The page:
Money & Banking

PMJDY usage more frequent in areas prone to crime: SBI report

Our Bureau Mumbai | Updated on October 27, 2020 Published on October 27, 2020

PMJDY envisages universal access to banking facilities with at least one basic banking account for every adult, financial literacy, access to credit, insurance and pension

The report says the pandemic has led to a 60% increase in new Jan Dhan accounts

Usage of the Pradhan Mantri Jan Dhan Yojana (PMJDY) accounts increases over time in regions that are more prone to theft, according to State Bank of India’s economic research report ‘Ecowrap’.

The report underscored that empirical research suggests that PMJDY accounts work as a primary vehicle for labour remittances, apart from increased lending, smoothing consumption, increased spending on healthcare and most importantly the usage is more frequent in areas that are more crime prone.

Acknowledging that the genesis of crime can also be traced to interplay of various social, economic, demographic, local and institutional factors, apart from putting more money in accounts at the lower strata of society, there is evidence of PMJDY accounts having some impact on crime, the report said.

“Thus, some of the states like Uttar Pradesh, Maharashtra and Haryana may have witnessed a lagged impact of the usage of PMJDY accounts and thus a positive impact on theft.

Pandemic beats DeMon: Jan Dhan accounts surge, by numbers and balance, in April-Oct

“States like West Bengal, Tamil Nadu and even Kerala have seen a continuous impact since inception. States like Gujarat and Karnataka have also seen a favourable impact,” said Soumya Kanti Ghosh, Group Chief Economic Adviser, SBI.

PMJDY envisages universal access to banking facilities with at least one basic banking account for every adult, financial literacy, access to credit, insurance and pension. It was launched in August 2014 under the National Mission for Financial Inclusion.

Change in individual behaviour & social harmony

“The usage of PMJDY that is causing the change in individual behaviour is the same across all states and uniform across all (individuals),” the report said.

Hence, SBI’s economic research department, which has put together the ‘Ecowrap’, recommended the Government strive to put more money into such accounts as a sort of third fiscal stimulus, possibly through enlarging the National Rural Employment Guarantee Act (NREGA) scheme or through a scheme for the urban poor.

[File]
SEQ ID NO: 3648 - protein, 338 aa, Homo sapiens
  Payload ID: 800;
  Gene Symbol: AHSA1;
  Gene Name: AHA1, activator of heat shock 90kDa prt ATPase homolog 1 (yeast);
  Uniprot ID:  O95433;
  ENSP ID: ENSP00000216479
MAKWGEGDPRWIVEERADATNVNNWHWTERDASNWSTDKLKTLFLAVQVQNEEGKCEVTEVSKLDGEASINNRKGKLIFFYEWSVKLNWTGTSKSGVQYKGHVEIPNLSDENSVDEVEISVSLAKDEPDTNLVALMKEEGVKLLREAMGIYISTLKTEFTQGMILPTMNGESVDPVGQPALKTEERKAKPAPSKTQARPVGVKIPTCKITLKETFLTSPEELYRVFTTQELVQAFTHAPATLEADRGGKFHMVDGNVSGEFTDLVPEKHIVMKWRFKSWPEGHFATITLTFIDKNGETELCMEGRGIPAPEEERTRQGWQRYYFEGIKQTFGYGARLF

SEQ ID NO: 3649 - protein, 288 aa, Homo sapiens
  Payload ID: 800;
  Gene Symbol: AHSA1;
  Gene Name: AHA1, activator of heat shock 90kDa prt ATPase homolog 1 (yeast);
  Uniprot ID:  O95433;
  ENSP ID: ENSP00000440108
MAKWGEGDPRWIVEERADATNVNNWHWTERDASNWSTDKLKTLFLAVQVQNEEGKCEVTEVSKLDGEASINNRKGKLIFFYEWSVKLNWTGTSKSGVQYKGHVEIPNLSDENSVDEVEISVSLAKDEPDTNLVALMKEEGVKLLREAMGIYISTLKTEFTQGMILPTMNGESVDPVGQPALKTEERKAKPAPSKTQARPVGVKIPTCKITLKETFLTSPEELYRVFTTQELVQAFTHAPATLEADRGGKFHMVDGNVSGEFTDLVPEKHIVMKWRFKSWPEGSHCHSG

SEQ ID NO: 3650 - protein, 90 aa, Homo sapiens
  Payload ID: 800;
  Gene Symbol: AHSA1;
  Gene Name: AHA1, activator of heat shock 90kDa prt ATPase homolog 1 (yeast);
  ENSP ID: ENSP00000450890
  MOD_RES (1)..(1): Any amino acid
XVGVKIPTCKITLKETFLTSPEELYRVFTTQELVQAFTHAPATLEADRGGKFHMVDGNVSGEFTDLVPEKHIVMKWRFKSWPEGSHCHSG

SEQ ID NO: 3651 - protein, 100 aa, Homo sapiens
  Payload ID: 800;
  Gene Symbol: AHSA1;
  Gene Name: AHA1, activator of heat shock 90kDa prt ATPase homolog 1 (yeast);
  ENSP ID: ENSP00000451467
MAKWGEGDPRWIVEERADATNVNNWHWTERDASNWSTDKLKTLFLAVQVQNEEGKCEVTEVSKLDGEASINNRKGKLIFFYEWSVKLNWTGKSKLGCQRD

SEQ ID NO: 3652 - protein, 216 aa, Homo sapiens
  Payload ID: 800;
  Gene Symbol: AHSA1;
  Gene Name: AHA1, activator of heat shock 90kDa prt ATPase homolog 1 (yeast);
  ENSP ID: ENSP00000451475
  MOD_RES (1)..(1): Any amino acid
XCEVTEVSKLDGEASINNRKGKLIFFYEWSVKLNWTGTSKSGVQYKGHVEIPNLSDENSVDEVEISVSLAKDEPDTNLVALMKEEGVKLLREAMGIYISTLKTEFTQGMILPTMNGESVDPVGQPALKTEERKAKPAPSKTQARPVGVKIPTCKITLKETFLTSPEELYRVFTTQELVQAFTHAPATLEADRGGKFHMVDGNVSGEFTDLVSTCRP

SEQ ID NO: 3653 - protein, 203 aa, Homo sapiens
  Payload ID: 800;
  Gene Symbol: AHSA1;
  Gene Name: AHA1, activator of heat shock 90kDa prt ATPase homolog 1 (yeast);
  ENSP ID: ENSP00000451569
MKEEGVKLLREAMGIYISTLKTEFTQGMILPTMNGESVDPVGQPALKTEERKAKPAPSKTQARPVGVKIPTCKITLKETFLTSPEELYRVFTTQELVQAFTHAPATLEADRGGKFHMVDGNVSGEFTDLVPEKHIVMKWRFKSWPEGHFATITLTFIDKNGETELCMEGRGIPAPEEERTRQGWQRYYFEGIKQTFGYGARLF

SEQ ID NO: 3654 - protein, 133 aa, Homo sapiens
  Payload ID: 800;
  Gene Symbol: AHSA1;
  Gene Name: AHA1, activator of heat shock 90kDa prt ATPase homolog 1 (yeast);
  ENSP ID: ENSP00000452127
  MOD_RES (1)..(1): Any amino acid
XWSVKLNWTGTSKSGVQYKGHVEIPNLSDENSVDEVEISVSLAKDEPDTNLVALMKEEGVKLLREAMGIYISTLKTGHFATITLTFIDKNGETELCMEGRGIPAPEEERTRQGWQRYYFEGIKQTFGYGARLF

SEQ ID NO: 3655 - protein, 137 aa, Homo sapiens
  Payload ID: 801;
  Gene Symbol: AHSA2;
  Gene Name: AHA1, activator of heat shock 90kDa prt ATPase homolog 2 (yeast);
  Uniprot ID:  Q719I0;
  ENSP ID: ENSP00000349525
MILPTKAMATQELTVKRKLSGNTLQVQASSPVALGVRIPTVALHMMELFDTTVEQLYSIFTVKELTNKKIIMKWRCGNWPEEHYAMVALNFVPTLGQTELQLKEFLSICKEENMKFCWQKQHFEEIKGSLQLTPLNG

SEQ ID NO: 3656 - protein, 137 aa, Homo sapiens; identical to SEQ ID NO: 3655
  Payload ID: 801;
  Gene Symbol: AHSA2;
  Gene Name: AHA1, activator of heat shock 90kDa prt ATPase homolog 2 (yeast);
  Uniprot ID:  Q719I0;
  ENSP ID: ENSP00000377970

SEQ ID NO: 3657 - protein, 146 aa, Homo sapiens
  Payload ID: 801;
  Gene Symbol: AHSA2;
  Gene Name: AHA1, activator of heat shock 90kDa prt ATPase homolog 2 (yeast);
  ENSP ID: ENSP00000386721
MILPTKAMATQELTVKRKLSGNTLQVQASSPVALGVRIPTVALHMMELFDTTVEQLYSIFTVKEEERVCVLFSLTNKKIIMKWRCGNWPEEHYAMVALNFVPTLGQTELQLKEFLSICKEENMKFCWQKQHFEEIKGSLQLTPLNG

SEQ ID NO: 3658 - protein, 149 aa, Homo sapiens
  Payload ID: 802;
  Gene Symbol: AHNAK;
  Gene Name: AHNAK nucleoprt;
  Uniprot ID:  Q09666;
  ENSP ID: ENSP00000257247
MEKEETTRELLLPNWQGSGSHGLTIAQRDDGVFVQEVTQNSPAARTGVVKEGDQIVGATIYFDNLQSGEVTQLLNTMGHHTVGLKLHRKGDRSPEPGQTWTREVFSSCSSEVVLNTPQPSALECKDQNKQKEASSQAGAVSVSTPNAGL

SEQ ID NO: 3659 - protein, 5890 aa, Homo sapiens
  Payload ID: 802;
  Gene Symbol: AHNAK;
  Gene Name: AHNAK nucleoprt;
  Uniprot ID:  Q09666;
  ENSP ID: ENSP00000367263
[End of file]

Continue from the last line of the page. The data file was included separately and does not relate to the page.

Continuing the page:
The report observed that it is a matter of satisfaction that the usage of such PMJDY accounts in the current unprecedented times has helped maintain social harmony.

Number of accounts surge

As per the latest data of October 14, 2020, the total number of PMJDY accounts stood at 41.05 crore with a total balance of ₹1.31-lakh crore. Since April 1, around three crore accounts were opened, with a total rise in deposits of ₹11,060 crore in PMJDY accounts.

The SBI report says the pandemic has led to a 60 per cent increase in new Jan Dhan accounts.

The average balance of PMJDY accounts increased to ₹3,400 in April and declined thereafter to ₹3,168 in September; it is now marginally up at ₹3,185 in October 2020.

Thus, the initial increase in average balance that was primarily due to the loss of livelihood due to the pandemic and the shift of migrant labourers from urban areas to their homes in rural areas, resulting in a jump in precautionary savings, may have been reversed,the report said.

Jan Dhan: Beyond a mere account

“Our activity index indexed at February at 100, which showed increased momentum in September continues to improve in October, with our latest reading slightly above 90, mainly because of higher RTO (regional transport office) revenue collections and higher mobility as indicated by Google workplace mobility. This is however the most crucial phase,” said Ghosh.

Migrant labourers return to work

SBI’s

data indicates that there was a significant reduction in remittances due to lockdown and it touched the lowest level in April. However, it increased in June and July, and in September it crossed the pre-Covid-19 level, as witnessed in February.

“Thus, it seems the migrant labourers are coming back in adequate numbers to workplaces for livelihood and that too much before Diwali as was largely expected.

“Additionally, during April-August 2020, 25 lakh new EPF subscribers have joined in, of which 12.4 lakh were first-time payroll entrants. The point of concern though is that the degree of formalisation has dropped significantly to 6 per cent in FY21 from an average of 11 per cent in earlier years,” Ghosh said.

As per the report, the increase in remittances though is in perfect coordination with increase in payroll. The jump in payroll leads to higher remittances.

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Published on October 27, 2020
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